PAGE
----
World J Nephrol Urol
World Journal of Nephrology and Urology, ISSN 1927-1239 print, 1927-1247 online, Open Access
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Case Report

Volume 3, Number 1, March 2014, pages 35-40

Renal Infarction: Three Case Reports and Literature Review

Luis Sepulvedaa, c, Manuel Oliveirab, Alcino Oliveiraa, Joaquim Mendesa, Filipe Rodriguesa

aUrology Department of Centro Hospitalar de Tras-os-Montes e Alto Douro (CHTMAD), Portugal
bUrology Department of Hospital de Santo Antonio - Oporto, Portugal
cCorresponding author: Luis Sepulveda, Urology Department of Centro Hospitalar de Tras-os-Montes e Alto Douro, Avenida da Noruega 5000-508 Vila Real, Portugal

Manuscript accepted for publication December 20, 2013
Short title: Renal Infarction


The renal infarction is a rare condition with nonspecific and often similar clinical presentation to other more common renal diseases such as urinary lithiasis. Early diagnosis and treatment is crucial to prevent irreversible renal damage and recurrence of thromboembolic events. The most common causes are embolic heart disease, renal trauma and atheromatous disease. However, in some rare cases the etiology isn’t clear (idiopathic renal infarcts). The authors present three cases of renal infarction with similar clinical presentation and therapeutic approach although distinct etiologies, evolution and prognosis.

Keywords: Renal infarction; Embolism; Atrial fibrillation; Renal artery aneurysm; Idiopathic


The renal infarction is a rare disease, with an estimated incidence in Emergency Room (ER) of 0.004 to 0.007% [1-3]. In 1940, in a study involving more than 14,000 autopsies, Hoxie H and colleagues found 205 cases of renal infarction (1.4% prevalence) with only two cases being diagnosed during life. This study indicated that a high number of patients with renal infarction were not correctly diagnosed [4]. The nonspecific clinical presentation, often similar to renal colic or pyelonephritis, is one of the main factors responsible for error or delay in diagnosis, leading to prolonged ischemia time and development of irreversible renal damage [1, 5, 6].

The most common causes of renal infarction are thromboembolism from cardiac origin (acute myocardial infarction, valvular heart disease, arrhythmias) and atheromatous disease [7, 8]. However, there are other less frequent causes described in the literature such as hypercoagulable states (thrombophilia, sickle cell disease), cocaine abuse, renal trauma, neoplastic and renal vascular disease (such as fibromuscular dysplasia, vasculitis and dissecting aortic aneurysm) [1, 2, 5, 7, 9]. There are also sparse reports of renal infarction secondary to septic emboli in the context of systemic candidiasis or due to embolism in Takotsubo syndrome [10, 11]. In some rare cases the etiology isn’t clear, thus these are considered as idiopathic renal infarcts [7]. Characteristically these occur in younger patients and with fewer thromboembolic risk factors [8].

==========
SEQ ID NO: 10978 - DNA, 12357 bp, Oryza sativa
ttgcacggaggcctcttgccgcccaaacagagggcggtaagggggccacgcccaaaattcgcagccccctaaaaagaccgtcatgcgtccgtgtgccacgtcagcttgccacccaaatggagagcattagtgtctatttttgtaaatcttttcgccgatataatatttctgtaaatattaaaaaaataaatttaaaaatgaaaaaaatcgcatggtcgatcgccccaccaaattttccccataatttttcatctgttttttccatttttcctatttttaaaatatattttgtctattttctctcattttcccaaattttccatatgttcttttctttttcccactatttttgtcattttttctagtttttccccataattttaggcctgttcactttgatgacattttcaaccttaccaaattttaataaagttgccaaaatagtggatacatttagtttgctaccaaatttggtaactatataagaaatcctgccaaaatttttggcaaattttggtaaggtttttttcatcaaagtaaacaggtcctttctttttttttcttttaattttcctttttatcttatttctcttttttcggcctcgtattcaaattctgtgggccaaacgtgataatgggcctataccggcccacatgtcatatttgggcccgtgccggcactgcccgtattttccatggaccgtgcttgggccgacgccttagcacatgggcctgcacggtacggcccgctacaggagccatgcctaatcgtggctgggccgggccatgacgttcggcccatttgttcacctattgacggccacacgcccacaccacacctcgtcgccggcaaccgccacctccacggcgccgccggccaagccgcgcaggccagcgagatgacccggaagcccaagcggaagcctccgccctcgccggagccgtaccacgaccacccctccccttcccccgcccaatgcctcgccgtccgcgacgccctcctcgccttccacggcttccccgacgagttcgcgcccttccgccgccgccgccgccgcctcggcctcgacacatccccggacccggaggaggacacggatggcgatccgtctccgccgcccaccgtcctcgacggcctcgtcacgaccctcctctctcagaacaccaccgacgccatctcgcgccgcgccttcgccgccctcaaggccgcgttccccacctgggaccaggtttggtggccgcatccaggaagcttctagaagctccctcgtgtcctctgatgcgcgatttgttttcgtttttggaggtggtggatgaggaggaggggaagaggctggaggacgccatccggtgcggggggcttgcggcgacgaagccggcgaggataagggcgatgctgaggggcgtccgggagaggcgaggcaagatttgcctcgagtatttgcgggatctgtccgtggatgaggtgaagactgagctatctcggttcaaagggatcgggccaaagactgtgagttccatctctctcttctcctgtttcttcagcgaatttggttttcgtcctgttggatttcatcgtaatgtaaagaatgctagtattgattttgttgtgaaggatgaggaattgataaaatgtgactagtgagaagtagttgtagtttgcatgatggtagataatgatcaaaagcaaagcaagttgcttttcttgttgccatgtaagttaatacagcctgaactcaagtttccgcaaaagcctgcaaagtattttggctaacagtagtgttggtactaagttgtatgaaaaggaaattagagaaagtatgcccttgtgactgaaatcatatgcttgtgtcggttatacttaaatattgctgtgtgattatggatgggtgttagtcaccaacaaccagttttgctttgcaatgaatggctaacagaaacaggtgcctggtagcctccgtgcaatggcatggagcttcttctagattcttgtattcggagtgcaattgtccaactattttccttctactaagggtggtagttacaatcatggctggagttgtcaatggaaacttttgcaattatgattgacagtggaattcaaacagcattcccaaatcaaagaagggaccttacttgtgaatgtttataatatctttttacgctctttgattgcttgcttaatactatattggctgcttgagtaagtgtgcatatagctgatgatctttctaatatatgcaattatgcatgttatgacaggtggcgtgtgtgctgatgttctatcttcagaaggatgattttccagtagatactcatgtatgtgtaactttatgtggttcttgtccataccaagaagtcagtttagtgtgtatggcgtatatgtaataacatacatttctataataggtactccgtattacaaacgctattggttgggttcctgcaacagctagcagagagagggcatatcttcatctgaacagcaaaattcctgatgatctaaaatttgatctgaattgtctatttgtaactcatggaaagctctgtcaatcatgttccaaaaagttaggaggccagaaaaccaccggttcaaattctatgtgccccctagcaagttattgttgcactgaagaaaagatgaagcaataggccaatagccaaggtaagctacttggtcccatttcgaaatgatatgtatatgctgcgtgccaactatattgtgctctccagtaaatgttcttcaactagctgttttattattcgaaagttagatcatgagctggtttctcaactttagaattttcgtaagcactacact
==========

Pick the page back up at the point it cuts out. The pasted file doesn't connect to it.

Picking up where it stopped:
Although the study of Bolderman et al, involving 27 patients with renal infarction, demonstrated that only 41% presented heart disease, most authors still believe the main cause to be due to structural or functional cardiac pathology [2, 7, 12, 13]. Furthermore it demonstrated that renal infarcts unrelated to cardiac pathology, similar to idiopathic infarction, occurred at earlier ages and with less cardiovascular risk factors [12].

The authors present three cases of renal infarcts with similar clinical presentation but distinct etiology and evolution.

Case Report▴Top 

Case 1

Male patient of 46 years old referred to the ER for prolonged right back pain, with 26 hours of evolution, with no history of trauma, fever or hematuria. Except for hypertension and hypercholesterolemia the patient had no other comorbidities such as coagulation disorders, diabetes mellitus, renal or heart disease. He denied smoking or alcohol habits. Blood analysis revealed leukocytosis (20.41 х 103/µL with 85.8% neutrophils), slight elevation of transaminases (aspartate transaminase 114 U/L, alanine transaminase 111 U/L) and frank elevation of lactate dehydrogenase (LDH) - 985 U/L (reference value 135 - 225 U/L). Urine dipstick was normal. Abdominal ultrasound revealed liver steatosis and a five millimeters polyp in gallbladder, with no renal, spleen or pancreas abnormalities. Contrast enhanced computed tomography (CECT) demonstrated partial renal infarction concerning the anterior and inferior portions of the right kidney due to occlusion of the inferior branch of the right renal artery (Fig 1a, b). According to vascular surgery observation, given the time course and infarct location, there was no indication for invasive procedures. The patient was admitted for surveillance and started low molecular weight heparin and intravenous antibiotics.

Figure 1.
Click for large image